Fanny Adams

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An old Royal Navy lower-deck slang term for tinned meat. Its origin lay in the murder in 1820 of a 7-year-old girl named Fanny Adams by a solicitor's clerk who disembowelled and cut up his victim. Tinned meat had recently been introduced in the British Navy and a sailor, finding a button in a tin, suggested to his messmates that it came from the murdered girl's clothing, which led to the use of the name to describe such tins. Its later meaning, absolutely nothing, has no maritime derivation.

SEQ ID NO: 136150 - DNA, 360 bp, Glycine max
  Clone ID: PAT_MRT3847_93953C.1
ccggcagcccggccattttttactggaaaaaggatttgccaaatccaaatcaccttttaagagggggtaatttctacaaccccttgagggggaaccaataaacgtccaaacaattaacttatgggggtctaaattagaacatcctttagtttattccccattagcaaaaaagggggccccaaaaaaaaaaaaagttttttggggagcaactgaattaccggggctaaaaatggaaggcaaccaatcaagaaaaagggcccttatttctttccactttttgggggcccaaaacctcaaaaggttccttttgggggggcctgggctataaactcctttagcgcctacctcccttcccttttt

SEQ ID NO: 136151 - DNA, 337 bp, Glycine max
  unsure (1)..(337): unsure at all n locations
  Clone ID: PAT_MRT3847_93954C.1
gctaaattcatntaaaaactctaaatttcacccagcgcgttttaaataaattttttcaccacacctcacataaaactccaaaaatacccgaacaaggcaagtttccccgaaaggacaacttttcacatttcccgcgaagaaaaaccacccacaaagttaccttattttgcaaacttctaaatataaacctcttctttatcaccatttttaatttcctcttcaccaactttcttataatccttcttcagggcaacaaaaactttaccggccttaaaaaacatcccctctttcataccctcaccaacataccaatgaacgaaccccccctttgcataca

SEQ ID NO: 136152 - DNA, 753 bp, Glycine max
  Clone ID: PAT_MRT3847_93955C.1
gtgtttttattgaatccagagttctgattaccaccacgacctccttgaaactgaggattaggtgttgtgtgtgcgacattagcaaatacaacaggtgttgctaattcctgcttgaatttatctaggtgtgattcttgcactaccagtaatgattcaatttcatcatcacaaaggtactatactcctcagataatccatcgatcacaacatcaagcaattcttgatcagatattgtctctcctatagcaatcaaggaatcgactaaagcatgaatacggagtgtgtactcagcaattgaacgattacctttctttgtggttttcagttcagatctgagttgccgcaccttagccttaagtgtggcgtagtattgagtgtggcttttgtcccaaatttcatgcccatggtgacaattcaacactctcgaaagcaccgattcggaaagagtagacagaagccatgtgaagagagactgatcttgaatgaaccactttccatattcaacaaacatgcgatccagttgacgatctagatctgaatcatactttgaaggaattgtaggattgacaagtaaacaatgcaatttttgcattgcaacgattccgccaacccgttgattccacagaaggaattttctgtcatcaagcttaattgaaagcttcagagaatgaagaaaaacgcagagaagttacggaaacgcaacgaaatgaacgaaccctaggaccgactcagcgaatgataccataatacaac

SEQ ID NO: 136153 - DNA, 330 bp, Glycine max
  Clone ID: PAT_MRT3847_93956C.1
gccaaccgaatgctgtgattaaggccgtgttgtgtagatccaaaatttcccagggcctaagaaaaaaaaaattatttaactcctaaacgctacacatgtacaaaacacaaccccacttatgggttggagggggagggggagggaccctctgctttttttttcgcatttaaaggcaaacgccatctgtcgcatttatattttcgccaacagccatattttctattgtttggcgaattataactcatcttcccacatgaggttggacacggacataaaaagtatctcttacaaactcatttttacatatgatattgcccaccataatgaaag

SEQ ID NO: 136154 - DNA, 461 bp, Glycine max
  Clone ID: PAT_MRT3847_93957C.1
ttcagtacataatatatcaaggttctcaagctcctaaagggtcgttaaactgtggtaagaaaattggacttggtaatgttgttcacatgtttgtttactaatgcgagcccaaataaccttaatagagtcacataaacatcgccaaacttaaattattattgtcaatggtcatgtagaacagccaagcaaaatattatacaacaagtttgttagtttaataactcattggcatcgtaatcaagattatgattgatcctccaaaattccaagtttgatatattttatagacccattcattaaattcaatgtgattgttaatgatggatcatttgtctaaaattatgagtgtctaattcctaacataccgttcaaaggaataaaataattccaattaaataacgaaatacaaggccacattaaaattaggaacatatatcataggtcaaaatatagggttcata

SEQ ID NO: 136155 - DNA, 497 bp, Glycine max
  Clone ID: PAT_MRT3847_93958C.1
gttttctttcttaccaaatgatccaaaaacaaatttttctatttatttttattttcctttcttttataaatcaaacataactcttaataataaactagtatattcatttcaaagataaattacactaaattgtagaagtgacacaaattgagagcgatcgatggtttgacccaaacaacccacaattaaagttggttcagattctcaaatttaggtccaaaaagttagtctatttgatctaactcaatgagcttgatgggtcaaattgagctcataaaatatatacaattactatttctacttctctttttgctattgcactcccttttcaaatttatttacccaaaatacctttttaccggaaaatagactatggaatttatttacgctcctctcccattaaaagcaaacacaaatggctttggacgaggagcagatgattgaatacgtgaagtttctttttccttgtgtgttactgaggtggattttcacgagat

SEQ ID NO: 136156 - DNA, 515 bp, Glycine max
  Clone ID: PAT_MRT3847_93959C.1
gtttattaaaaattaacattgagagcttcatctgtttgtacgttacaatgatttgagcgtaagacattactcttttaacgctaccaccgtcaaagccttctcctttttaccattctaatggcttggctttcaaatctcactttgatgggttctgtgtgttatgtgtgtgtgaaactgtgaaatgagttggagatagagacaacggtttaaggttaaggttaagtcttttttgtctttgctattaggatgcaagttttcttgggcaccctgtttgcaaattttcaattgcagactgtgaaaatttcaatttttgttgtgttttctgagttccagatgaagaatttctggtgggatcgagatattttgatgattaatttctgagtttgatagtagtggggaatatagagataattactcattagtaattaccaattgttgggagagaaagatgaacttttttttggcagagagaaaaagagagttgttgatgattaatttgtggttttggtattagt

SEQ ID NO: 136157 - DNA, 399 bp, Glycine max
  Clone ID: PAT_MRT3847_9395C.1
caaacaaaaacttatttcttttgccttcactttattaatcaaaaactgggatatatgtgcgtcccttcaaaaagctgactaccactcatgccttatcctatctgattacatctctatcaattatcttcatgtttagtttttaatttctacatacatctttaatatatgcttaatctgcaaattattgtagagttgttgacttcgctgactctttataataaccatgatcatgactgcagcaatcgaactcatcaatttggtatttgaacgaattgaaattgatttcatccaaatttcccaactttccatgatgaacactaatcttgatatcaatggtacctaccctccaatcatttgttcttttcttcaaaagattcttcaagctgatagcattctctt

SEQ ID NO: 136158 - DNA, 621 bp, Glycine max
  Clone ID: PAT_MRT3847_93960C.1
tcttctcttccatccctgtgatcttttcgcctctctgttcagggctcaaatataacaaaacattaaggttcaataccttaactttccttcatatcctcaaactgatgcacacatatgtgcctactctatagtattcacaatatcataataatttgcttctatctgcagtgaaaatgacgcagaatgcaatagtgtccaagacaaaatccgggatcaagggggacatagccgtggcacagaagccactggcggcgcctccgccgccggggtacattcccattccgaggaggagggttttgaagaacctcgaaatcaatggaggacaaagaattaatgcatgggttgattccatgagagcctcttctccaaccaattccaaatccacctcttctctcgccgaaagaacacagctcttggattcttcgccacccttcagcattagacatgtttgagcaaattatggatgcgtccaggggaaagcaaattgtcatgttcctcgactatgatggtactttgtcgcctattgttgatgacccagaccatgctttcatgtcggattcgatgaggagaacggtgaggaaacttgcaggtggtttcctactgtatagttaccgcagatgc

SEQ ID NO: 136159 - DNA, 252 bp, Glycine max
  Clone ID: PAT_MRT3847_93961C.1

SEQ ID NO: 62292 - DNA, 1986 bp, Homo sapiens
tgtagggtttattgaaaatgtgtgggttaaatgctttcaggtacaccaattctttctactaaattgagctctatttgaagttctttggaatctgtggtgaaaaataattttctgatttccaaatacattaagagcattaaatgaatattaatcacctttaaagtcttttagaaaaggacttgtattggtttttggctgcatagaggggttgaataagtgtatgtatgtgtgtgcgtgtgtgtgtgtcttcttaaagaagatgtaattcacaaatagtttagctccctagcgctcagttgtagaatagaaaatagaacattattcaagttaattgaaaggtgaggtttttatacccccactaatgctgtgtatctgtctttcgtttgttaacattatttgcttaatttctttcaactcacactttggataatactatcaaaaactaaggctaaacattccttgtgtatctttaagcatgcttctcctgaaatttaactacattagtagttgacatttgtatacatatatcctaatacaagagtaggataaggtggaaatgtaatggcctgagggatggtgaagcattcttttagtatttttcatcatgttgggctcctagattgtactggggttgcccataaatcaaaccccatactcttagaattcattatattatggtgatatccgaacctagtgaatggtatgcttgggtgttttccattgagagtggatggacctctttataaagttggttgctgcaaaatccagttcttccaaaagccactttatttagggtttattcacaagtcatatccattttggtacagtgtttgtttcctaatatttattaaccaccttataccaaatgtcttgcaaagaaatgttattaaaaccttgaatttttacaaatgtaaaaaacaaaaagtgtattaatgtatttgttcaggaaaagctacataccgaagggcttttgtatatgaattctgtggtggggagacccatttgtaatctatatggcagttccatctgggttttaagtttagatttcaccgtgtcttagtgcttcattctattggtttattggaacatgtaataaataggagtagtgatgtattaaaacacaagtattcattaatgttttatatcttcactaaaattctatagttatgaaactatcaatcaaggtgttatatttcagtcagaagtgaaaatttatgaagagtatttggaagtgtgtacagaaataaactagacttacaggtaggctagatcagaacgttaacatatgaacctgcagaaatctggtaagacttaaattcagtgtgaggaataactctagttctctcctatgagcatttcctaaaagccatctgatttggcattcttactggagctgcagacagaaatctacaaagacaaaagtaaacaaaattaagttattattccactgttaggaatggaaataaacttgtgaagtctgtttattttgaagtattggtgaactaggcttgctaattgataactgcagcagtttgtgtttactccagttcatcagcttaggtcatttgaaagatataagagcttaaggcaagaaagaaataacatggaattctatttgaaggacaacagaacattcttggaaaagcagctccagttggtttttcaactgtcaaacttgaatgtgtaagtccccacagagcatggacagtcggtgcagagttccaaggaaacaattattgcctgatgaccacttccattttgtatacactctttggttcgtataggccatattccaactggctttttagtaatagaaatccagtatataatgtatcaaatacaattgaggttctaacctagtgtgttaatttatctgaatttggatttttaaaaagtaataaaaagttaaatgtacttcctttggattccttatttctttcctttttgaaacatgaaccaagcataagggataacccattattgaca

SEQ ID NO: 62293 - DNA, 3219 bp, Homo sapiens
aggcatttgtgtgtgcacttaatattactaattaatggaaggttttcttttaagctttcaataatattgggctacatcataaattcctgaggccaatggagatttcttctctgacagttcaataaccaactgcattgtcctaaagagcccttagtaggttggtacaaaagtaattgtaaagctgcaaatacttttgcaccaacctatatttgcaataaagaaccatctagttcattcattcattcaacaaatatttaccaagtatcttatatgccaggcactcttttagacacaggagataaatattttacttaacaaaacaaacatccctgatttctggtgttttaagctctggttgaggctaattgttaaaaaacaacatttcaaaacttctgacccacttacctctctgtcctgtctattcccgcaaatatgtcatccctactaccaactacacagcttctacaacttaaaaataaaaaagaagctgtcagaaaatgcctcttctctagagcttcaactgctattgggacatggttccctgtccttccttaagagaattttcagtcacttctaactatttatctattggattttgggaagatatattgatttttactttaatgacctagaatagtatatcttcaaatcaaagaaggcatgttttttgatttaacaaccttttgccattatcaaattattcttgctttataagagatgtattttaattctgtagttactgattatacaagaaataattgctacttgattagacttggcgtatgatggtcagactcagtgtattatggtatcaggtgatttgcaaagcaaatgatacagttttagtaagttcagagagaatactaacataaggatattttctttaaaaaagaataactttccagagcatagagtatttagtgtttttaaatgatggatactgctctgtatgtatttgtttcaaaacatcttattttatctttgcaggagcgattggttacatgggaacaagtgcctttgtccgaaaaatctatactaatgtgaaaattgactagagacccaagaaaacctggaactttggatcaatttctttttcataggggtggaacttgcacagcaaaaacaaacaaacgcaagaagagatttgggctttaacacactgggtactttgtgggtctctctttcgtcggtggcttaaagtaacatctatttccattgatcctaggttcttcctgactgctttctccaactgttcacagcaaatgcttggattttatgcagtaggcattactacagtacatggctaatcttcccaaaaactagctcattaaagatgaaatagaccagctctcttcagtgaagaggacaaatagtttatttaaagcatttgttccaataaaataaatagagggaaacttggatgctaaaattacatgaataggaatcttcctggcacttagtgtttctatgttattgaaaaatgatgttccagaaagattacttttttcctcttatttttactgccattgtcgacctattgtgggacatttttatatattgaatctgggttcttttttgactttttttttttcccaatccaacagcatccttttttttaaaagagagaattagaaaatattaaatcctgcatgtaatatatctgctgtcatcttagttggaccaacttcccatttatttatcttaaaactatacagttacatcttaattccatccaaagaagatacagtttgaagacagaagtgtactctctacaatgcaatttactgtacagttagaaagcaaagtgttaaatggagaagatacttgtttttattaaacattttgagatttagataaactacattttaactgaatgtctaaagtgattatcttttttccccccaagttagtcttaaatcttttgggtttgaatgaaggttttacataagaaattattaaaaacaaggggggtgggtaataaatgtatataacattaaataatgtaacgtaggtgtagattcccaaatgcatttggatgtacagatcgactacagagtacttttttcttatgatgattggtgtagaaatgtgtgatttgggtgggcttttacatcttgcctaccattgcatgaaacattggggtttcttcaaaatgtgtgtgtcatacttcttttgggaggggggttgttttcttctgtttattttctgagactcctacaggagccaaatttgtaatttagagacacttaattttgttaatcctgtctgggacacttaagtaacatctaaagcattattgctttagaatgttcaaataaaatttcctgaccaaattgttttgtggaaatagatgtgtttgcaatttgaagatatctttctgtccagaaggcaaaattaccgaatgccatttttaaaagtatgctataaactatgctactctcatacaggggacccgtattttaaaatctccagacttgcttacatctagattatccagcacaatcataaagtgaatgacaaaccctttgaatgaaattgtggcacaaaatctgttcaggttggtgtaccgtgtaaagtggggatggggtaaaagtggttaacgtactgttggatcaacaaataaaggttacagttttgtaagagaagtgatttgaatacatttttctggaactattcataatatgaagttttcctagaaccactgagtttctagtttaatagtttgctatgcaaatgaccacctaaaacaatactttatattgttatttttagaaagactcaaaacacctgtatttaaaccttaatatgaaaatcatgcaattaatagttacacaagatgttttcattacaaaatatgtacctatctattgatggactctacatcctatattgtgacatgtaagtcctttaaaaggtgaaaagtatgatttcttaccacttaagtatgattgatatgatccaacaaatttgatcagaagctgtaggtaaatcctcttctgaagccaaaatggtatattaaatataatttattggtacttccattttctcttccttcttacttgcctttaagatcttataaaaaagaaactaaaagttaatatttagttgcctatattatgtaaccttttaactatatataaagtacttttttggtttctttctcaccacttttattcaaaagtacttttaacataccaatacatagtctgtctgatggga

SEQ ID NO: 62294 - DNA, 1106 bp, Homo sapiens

Subjects: Maritime History.

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